The Church of the Nativity in Bethlehem, West Bank. (Photo: Josh Lederman)

February 7, 2011
by Josh Lederman

BETHLEHEM, West Bank – The Palestinian Authority announced Monday it has asked the U.N.’s cultural agency to designate the traditional birthplace of Jesus Christ as the first world heritage site in the Palestinian territories.

The Palestinians said in January they requested that UNESCO place the Church of the Nativity in Bethlehem on its World Heritage List, which includes the world’s most important cultural sites.

However, only U.N. member states can nominate sites, calling into question the feasibility of the state-building measure.

No sites under Palestinian control are on currently the list. Tourism Minister Khouloud Daibes said the PA has also requested to join the World Heritage Convention – another prerequisite to nominating sites – but that too requires U.N. member status.

The Palestinian Authority currently holds observer status in the U.N., but is not a full member. In recent months Palestinians have tried to move closer to full recognition by seeking a U.N. resolution denouncing Israeli settlements in areas they claim for a future state. They have also persuaded several South American nations to unilaterally recognize a Palestinian state while Israeli-Palestinian negotiations remain at a standstill.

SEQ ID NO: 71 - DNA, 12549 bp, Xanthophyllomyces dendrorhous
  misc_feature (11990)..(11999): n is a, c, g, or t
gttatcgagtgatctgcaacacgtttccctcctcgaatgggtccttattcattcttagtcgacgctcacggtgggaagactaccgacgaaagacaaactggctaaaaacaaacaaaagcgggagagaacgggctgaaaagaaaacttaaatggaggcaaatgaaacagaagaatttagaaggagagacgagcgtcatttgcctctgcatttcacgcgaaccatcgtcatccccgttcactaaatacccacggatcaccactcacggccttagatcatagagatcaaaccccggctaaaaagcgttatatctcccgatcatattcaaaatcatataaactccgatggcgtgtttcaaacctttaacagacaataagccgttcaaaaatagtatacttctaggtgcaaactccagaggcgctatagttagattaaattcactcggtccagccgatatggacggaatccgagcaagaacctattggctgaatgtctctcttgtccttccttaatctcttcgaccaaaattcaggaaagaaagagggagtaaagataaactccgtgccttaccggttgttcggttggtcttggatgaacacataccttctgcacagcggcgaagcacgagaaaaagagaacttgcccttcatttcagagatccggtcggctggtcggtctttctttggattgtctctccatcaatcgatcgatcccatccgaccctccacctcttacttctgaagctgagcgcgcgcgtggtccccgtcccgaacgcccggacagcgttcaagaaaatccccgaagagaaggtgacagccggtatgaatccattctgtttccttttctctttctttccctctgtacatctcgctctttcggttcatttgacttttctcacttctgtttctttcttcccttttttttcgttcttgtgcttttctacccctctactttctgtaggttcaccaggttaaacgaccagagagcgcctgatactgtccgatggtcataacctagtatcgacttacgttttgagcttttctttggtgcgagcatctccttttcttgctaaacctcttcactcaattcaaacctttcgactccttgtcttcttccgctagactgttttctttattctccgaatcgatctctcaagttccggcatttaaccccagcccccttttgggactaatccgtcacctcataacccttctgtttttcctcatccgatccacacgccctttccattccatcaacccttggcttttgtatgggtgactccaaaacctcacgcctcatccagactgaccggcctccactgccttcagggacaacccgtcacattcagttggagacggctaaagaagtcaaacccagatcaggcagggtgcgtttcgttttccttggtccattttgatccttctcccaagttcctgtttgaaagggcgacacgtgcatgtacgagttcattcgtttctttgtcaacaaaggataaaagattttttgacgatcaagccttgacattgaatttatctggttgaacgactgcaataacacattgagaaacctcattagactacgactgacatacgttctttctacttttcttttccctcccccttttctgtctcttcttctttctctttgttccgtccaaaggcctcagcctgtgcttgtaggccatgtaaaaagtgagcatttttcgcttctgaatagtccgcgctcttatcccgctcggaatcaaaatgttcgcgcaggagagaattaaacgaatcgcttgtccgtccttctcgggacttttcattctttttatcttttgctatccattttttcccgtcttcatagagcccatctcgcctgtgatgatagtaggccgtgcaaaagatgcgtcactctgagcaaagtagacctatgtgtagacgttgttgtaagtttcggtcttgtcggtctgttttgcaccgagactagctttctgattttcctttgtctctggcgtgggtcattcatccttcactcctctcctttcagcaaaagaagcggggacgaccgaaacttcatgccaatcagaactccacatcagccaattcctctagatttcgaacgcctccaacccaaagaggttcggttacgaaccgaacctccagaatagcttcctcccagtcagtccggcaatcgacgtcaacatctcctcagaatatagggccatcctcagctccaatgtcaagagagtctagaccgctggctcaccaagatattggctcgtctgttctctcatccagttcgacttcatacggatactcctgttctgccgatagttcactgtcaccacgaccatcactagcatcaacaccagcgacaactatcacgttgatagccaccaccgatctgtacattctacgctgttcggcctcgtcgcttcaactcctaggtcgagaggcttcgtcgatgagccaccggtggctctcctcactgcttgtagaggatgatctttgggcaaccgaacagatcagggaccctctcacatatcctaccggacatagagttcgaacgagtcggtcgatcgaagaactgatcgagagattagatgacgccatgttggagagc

As part of an attempt to develop cultural institutions, Palestinians have developed an inventory of 20 sites that they say meet UNESCO’s criteria of outstanding universal value.

“It’s part and parcel with our plan to end the occupation and establish a state,” Daibes said.

The nomination is likely to be denied unless the U.N. recognizes Palestine before a committee votes on the site in mid-2012, but Palestinians hope Bethlehem’s overwhelming cultural significance will sway member states to find a loophole.

“I think we have many nations who are members who will submit it for us,” said Palestinian chief negotiator Saeb Erakat.

UNESCO officials said nations cannot usually nominate sites that are not within their borders, but that the agency’s lawyers were still determining how to handle this unique circumstance.

The Bethlehem site includes the Nativity Complex, the Pilgrimage Route and a surrounding buffer zone. Municipal authorities worked with UNESCO and the Centre for Cultural Heritage Preservation to prepare the site to meet the stringent technical requirements to become a World Heritage Site.

The Tourism Ministry has also started an application to nominate Hebron, a biblical city holy to both Jews and Muslims and believed to the resting place of the patriarchs Abraham, Isaac and Jacob. When UNESCO defined the Hebron site as a mosque in January, Israel was angered and said it would snub UNESCO inspectors set to visit the West Bank.